How do you rebrand a millenia-old industry? For a beverage, tea has played many roles in its history: love potion, status symbol, vehicle for resistance, biscuit washer-downer. But tea’s societal relationship race began with the promise of its medicinal qualities – interestingly enough, what still makes it so attractive today.
Much like every trend, it’s essential to keep in mind the people and places that first mobilised the tea industry. One of these communities is Mount Wuyi, an incredibly lush subtropical region in southeast China’s Fujian province that produces varieties like Lapsang Souchong and Da Hong Pao, the latter a superstar among the savvy for its preciousness. So it’s unsurprising that the world’s first ‘tea culture’ hotel should nestle itself into that very ancient ground – the Yue Wuyi Tea Life Aesthetics Hotel.
When the team from Beijing Wuxiang Space Architecture Design Studio first stepped on the property, they felt a deep connection to the land and rightfully so. Mount Wuyi, famed since the 11th century for being the epicentre of neo-Confucianism, has a vitality about it – fueled by the gorges of the Nine Bends River and the cultural, spiritual remnants of the temples and monasteries which once dotted the area. As of 2012, only 24,500 people inhabited the 14-village Mount Wuyi area. But today, they grapple with creating sustainable solutions for the development of the tea industry, which has created substantial impact on residents due to water and soil loss.
Is it possible that Yue Wuyi could play an active role in breathing new life into the industry? In China, the industry isn’t going anywhere. The country been the largest tea producer in the world for 13 years straight, with exports topping at €1.32 billion. Forging a new sector of hospitality altogether seems like a tangible way to help boost the promotion of big domestic brands, which experts say the Chinese tea industry lacks. Quickened production in all industries has historically worsened conditions for people living and working in central areas, but a revitalisation pivoted on product quality and ethics could incite the growing market to stray from unsustainable practices. China’s tea industry may not need to be picked up by its boot straps, but it certainly needs a face lift à la branding strategy.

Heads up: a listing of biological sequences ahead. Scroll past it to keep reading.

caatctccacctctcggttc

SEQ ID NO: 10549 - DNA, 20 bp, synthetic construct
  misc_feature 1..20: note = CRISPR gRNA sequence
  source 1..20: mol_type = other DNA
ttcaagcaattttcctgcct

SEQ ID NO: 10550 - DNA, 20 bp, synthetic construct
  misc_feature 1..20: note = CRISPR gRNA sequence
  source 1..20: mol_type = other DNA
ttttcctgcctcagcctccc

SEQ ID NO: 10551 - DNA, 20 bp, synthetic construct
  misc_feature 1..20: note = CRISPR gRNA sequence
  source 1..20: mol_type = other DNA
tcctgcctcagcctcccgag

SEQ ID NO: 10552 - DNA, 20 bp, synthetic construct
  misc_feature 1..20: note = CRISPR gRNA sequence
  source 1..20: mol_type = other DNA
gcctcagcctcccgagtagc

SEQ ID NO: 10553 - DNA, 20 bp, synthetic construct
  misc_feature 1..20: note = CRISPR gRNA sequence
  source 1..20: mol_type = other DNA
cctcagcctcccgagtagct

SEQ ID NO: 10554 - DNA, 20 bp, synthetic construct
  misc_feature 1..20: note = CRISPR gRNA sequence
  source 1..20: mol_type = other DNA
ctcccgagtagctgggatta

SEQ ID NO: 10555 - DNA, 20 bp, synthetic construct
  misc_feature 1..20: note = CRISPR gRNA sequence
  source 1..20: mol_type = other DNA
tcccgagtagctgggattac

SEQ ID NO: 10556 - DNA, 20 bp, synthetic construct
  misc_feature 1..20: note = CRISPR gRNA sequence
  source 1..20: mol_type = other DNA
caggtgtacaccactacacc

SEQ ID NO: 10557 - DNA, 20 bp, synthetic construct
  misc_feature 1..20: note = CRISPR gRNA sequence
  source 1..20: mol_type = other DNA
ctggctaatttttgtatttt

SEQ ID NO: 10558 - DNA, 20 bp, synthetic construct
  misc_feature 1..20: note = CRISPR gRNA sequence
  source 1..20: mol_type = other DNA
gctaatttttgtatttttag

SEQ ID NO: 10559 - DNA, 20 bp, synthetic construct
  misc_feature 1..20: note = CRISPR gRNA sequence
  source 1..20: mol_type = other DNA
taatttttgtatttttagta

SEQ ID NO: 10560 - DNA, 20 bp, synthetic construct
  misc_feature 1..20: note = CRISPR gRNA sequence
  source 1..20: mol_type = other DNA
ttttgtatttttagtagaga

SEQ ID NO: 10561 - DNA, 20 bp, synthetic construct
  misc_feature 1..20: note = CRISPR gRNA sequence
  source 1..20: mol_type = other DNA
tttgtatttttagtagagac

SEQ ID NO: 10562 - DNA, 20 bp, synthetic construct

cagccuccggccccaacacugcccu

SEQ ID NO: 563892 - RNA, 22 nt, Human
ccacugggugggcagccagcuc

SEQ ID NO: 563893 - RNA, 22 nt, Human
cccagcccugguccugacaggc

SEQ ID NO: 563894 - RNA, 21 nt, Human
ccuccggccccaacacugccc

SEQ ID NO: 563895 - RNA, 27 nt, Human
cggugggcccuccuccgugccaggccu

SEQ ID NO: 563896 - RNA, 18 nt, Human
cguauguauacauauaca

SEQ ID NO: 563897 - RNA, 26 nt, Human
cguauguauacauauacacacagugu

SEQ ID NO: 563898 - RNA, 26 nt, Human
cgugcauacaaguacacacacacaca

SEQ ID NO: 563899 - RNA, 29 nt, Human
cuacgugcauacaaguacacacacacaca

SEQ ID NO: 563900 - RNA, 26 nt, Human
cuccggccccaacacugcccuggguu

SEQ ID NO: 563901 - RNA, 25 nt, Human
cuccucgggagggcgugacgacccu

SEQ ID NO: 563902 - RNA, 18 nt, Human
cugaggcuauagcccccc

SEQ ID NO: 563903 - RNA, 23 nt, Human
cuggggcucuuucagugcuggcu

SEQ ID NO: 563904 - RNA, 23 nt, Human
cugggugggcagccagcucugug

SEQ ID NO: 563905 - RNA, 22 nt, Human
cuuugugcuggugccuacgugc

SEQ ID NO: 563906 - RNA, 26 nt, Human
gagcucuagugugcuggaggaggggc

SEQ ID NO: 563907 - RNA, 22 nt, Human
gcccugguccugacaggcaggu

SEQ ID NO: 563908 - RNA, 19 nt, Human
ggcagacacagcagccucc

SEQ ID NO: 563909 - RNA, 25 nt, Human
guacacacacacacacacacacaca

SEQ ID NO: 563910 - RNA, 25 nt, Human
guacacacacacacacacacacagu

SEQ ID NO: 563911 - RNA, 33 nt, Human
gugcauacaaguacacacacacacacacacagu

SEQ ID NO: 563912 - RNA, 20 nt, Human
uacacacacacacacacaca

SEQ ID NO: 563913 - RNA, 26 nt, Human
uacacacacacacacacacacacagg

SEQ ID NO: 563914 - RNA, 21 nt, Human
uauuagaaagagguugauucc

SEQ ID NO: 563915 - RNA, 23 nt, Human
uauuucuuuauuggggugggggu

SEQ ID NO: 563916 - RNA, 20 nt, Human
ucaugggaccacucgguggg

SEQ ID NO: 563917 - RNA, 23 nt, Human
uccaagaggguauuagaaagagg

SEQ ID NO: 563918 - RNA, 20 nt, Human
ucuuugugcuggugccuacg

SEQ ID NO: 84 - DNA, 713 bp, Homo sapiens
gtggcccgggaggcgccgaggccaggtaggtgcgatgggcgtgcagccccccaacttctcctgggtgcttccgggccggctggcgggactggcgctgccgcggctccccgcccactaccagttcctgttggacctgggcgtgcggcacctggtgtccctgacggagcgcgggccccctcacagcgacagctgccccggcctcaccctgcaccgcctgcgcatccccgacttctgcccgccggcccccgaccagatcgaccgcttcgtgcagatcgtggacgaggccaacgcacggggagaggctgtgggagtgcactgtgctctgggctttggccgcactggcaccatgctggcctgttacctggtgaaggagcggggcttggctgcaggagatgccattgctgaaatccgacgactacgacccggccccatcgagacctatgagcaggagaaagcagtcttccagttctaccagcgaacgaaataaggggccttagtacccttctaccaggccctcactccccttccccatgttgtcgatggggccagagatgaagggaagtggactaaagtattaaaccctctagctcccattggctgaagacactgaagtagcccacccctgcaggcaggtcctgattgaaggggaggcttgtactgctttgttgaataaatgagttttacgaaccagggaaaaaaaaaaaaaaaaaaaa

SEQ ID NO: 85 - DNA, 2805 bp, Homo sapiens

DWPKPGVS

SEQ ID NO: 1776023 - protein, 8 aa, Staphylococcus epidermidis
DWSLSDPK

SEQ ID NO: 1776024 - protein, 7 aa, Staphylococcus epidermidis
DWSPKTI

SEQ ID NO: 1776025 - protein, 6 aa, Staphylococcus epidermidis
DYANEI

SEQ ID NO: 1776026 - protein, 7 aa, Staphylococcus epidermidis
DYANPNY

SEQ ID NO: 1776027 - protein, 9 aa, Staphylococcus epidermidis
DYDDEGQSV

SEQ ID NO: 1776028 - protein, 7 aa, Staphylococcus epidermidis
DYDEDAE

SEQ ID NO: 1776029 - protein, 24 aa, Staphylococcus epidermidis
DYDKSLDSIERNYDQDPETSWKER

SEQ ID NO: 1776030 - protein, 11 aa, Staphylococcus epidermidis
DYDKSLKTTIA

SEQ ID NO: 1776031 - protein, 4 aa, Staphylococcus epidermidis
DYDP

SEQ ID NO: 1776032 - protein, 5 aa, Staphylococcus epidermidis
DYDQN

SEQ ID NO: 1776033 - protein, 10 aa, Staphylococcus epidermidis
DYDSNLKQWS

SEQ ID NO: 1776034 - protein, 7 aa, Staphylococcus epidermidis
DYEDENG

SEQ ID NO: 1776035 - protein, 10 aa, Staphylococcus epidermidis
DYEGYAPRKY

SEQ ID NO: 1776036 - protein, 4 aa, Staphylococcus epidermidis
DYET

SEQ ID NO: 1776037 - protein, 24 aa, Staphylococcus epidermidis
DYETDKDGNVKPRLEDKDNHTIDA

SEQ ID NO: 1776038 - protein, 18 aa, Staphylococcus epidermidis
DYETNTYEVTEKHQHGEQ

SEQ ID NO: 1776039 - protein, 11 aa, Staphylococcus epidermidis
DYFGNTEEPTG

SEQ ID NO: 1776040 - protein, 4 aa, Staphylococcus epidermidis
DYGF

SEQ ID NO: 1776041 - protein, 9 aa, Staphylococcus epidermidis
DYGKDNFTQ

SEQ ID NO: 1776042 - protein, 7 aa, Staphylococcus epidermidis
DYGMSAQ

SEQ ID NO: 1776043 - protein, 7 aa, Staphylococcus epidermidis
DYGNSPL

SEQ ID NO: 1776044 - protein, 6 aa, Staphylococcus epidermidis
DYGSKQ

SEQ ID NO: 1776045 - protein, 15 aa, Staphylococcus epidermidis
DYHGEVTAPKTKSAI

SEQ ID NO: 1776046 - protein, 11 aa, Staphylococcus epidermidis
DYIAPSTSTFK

As much as the hotel honours historical Chinese traditions and culture, it keeps unbreakable focus on the experiential demands in today’s hospitality market, especially for ‘quieter’ retreats, ones that provide a viewfinder into local artisanship. The hotel has 120 guest rooms and a courtyard. Landscape architecture covers nearly as much as the building itself, together covering 15,000 sq-m. Sleek interiors – linear and monotone – could not epitomise the idea of entering a space by which to achieve a ‘blank slate’ any better. Every corner refers back to local and natural elements which reflect on the seclusiveness of tea culture.
What does this mean, though, activating tea culture? According to the studio, it’s about poetic charm, the art of drinking, Dao talking, pleasant weather and beautiful prospects. They take mindfulness to the next level by seeking to awaken guests to the truth – efffectively tying themselves into the megalithic €3.7 trillion global wellness industry. The design of the hotel helps facilitate that guilt-free betterment: 100 ancient trees are retained for protection and low-impact development and recycled wood materials from abandoned houses are reused for low carbon construction. Indoors and out, there is an omnipresent attention to helping guests achieve contentedness.
Tea: check. Wellness: check. Rural tourism: check. It seems, in China, it is sometimes possible to kill three birds with one stone.
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